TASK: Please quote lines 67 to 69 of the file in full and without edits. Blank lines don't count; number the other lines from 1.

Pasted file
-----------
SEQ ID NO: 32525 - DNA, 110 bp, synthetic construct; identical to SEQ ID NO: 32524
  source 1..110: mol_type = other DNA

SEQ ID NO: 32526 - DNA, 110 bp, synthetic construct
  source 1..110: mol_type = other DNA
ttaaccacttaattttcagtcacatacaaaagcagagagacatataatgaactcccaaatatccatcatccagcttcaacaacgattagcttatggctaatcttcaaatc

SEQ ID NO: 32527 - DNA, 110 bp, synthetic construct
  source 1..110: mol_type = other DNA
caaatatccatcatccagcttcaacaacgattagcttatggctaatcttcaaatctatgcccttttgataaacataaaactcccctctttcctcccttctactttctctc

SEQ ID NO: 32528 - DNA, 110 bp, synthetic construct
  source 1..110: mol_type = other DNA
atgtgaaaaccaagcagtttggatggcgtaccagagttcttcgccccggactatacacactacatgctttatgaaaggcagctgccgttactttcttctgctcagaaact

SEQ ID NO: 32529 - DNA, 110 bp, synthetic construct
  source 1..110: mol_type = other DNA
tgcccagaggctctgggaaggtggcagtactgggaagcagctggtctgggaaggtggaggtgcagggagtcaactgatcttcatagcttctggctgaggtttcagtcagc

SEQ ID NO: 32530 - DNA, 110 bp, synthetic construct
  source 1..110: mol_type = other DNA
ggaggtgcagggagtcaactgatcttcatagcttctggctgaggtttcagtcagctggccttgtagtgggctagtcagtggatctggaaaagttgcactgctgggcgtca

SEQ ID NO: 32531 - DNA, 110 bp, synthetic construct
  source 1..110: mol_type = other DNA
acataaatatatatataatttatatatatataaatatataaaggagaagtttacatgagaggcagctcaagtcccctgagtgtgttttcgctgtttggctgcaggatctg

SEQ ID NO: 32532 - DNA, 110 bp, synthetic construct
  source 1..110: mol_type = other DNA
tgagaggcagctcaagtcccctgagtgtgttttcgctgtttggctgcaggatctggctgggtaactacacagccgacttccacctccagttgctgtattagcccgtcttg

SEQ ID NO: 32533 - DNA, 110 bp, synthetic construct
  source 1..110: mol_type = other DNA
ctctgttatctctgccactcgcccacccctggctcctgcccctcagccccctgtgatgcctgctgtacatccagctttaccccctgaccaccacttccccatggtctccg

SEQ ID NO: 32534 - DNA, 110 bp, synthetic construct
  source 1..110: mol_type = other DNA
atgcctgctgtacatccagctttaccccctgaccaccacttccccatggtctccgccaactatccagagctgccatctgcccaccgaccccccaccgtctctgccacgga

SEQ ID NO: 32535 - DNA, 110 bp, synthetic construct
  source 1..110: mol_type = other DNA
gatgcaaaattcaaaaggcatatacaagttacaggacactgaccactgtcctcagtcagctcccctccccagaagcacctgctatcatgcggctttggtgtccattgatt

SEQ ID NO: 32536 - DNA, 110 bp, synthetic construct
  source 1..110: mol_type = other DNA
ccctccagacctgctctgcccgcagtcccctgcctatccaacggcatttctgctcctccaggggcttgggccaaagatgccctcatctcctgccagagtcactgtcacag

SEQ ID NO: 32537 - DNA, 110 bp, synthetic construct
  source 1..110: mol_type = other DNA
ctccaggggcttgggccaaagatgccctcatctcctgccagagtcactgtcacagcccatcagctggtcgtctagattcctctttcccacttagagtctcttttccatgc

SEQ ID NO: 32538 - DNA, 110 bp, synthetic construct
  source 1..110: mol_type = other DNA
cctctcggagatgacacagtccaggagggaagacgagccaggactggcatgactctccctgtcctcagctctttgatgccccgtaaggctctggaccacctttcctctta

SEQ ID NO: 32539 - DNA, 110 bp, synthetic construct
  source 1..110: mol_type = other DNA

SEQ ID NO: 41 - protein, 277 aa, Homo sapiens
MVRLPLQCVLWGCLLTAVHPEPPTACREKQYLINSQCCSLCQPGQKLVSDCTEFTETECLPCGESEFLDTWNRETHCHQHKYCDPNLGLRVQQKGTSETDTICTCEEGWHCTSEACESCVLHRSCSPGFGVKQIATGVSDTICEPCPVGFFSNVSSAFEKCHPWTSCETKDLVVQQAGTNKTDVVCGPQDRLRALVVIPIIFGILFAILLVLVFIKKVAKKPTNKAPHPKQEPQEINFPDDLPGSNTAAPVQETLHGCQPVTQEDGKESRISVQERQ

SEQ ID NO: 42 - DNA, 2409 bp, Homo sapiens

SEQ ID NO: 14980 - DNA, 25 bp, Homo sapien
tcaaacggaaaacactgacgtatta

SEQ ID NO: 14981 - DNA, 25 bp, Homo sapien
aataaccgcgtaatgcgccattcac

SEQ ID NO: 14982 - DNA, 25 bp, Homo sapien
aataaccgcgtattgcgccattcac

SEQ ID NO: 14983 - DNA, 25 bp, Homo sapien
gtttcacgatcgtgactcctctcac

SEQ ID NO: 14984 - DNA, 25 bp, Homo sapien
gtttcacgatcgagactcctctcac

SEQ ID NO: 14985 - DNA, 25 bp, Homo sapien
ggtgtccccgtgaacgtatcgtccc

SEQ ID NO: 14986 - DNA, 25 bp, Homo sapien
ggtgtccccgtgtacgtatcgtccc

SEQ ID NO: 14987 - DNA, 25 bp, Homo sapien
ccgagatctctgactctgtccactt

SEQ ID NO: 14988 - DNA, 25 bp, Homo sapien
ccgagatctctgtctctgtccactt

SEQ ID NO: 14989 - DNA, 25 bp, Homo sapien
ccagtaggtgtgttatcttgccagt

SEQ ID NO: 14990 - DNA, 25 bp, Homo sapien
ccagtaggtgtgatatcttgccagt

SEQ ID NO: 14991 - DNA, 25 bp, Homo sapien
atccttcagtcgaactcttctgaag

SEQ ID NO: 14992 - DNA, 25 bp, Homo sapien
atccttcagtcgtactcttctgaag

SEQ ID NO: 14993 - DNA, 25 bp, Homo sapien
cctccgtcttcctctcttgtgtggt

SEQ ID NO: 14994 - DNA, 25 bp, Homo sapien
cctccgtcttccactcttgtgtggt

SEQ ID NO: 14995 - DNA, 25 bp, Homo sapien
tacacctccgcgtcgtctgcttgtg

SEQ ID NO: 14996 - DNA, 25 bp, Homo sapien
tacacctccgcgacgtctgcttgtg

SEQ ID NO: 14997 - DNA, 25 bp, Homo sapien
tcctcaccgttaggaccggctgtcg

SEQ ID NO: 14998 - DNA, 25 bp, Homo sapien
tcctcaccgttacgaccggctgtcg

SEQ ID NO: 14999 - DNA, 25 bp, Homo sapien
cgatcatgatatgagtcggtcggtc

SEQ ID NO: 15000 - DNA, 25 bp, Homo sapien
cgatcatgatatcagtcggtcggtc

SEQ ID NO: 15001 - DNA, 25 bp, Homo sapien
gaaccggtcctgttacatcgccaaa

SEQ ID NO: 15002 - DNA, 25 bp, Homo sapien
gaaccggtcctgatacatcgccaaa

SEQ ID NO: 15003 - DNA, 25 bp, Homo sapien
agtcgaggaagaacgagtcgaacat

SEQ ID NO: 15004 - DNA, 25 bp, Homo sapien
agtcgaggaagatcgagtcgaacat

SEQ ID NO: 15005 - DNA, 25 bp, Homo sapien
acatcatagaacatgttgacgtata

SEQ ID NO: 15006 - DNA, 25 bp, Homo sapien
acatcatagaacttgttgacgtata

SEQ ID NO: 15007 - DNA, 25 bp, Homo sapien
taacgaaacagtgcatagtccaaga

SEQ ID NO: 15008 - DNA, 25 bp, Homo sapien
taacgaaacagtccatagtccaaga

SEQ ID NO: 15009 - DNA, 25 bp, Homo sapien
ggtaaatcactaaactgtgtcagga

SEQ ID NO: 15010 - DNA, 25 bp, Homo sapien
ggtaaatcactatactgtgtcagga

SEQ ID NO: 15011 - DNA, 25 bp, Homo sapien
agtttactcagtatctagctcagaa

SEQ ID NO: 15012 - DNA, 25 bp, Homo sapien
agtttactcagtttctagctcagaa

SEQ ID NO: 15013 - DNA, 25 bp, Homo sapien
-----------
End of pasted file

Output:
SEQ ID NO: 14990 - DNA, 25 bp, Homo sapien
ccagtaggtgtgatatcttgccagt

SEQ ID NO: 14991 - DNA, 25 bp, Homo sapien